Which Joe gave his name to ‘sloppy joes’? We look at five interesting sandwiches and their lexical origins.
The day of the week before Tuesday and following Sunday:‘I saw him on Monday’‘the Monday before last’‘she's only in the office on Mondays’
- ‘Philippa returned to hospital on Monday of last week and she died on Wednesday morning.’
- ‘All three occupants of the Astor residence had a late start to their Monday morning.’
- ‘He and the other man were alone in the gallery in the middle of a sunny Monday morning.’
- ‘So, on Monday evening it began to snow, and by Tuesday there were a couple of inches.’
- ‘On the Monday morning I went to the bank to pay the money in, and realised that it was not in my purse or my bag.’
- ‘The next day she learned she would be suspended the following Monday, for one day.’
- ‘The sun was shining early on Monday morning so we decided to take Lucy for a walk over the road.’
- ‘When they took the register on Monday morning, there were a number of notable absences.’
- ‘On Monday, he announced that his firm would go public with a flotation next year.’
- ‘I started the work at half ten on Sunday night and finished at one on Monday morning.’
- ‘He carefully limped into work on the Monday morning and deliberately slipped on the oil.’
- ‘Imagine, life with no boring Sundays or dreary Mondays.’
- ‘During school term time, the farm is closed on Mondays and Tuesdays.’
- ‘I have seen him walk away from the manager's job only for him to still be there on the Monday morning.’
- ‘On Monday, the service will be handing out leaflets showing people how they can help.’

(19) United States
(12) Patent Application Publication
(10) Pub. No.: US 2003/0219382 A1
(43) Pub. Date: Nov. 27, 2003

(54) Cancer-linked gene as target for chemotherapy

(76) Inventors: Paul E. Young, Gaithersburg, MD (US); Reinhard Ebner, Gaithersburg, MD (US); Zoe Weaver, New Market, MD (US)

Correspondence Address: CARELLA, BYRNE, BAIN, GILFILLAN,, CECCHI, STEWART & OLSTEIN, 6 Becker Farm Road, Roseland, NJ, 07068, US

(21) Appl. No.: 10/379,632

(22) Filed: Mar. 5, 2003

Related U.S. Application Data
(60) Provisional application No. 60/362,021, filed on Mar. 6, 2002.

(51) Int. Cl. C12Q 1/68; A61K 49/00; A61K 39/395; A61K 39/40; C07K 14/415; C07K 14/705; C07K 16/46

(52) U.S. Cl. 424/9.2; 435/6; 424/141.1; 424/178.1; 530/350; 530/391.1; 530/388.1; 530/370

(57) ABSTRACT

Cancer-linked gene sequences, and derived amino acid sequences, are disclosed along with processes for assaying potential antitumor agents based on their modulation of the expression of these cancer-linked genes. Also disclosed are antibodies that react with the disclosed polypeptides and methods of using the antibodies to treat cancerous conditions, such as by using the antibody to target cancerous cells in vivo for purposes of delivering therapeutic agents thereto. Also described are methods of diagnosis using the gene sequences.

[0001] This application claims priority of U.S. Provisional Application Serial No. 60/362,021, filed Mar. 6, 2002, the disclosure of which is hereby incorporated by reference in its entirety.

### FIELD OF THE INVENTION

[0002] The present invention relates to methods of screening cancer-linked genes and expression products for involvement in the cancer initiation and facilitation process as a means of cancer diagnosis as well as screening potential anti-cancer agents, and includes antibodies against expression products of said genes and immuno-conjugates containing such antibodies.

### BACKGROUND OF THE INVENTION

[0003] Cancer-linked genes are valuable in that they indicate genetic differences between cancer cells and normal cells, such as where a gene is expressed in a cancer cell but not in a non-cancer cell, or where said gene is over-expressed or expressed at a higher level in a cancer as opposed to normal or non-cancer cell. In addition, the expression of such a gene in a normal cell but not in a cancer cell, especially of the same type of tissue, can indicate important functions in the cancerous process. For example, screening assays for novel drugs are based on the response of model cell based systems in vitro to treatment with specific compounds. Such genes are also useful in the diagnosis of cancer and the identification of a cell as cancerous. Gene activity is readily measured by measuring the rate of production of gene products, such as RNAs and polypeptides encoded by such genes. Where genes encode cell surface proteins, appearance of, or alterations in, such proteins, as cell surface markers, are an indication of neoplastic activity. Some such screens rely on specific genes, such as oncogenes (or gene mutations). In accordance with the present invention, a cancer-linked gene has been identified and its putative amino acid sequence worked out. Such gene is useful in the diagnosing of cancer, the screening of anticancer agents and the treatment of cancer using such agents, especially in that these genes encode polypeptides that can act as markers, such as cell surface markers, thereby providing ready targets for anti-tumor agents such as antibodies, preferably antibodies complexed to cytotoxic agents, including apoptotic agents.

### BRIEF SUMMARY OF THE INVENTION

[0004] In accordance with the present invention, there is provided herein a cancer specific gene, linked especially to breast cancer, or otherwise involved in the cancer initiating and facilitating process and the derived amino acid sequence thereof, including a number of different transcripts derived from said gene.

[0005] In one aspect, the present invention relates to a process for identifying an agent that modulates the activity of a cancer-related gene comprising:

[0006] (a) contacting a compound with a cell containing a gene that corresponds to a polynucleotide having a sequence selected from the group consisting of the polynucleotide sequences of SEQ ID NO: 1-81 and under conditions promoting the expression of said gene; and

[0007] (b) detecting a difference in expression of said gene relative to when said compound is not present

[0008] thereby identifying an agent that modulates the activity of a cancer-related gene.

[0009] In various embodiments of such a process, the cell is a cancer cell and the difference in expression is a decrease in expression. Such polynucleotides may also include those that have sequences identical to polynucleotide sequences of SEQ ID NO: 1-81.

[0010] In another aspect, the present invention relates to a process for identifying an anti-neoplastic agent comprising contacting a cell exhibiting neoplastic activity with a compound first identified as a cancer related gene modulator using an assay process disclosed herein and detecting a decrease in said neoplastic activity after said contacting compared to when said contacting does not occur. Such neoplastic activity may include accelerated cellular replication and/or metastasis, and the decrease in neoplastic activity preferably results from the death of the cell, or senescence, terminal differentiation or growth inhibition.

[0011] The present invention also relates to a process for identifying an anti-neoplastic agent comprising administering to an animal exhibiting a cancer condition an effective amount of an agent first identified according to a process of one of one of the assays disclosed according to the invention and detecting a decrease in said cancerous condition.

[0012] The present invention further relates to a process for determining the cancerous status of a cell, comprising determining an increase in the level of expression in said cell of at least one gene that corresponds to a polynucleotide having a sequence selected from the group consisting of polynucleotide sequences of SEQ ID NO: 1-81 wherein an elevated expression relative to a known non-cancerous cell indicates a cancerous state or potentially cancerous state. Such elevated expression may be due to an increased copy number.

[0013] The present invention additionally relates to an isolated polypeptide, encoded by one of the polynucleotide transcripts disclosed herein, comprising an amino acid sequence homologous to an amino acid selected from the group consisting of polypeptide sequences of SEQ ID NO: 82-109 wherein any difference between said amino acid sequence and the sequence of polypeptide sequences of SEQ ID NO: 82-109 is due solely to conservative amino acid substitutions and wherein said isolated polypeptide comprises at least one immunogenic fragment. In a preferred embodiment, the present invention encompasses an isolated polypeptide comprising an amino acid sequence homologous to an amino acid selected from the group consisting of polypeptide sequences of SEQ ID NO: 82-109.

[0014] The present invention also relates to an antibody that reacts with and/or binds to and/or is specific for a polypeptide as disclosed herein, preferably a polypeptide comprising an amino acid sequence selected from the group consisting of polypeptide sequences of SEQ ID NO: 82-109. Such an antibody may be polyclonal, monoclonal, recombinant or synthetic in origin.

- ‘Back at the factories, the Monday morning after a win is always something special.’
- ‘It was not much of a day, either, a dull Monday morning but at least it wasn't raining.’
- ‘The lake digger was also due on the following Monday to dig two canal lakes and another lake.’
- ‘The show's transfer to Sunday from its Monday night slot is a testimony to its success.’
- ‘By Monday morning four or five families had still not been able to move back into their homes.’
1On Monday:‘I'll ring you Monday’
- 1.1Mondays On Mondays; each Monday:‘the restaurant is closed Mondays’
- ‘That is why it is used on traditionally bad or slow news days such as Mondays.’
- ‘Sundays I was always a little unstable, and then Mondays I spent recuperating by my lonesome.’
- ‘It's a pain because the only day I can get in is a Monday, and Mondays and Fridays they are closed.’
- ‘There will be no performances of either show Mondays or on Sunday, July 14.’
- ‘I mean, Mondays you have just started the oppressive boredom, so you have a lot to talk about.’
- 1.1Mondays On Mondays; each Monday:
Old English Mōnandæg ‘day of the moon’, translation of late Latin lunae dies; compare with Dutch maandag and German Montag.
We take a look at several popular, though confusing, punctuation marks.
From Afghanistan to Zimbabwe, discover surprising and intriguing language facts from around the globe.
The definitions of ‘buddy’ and ‘bro’ in the OED have recently been revised. We explore their history and increase in popularity.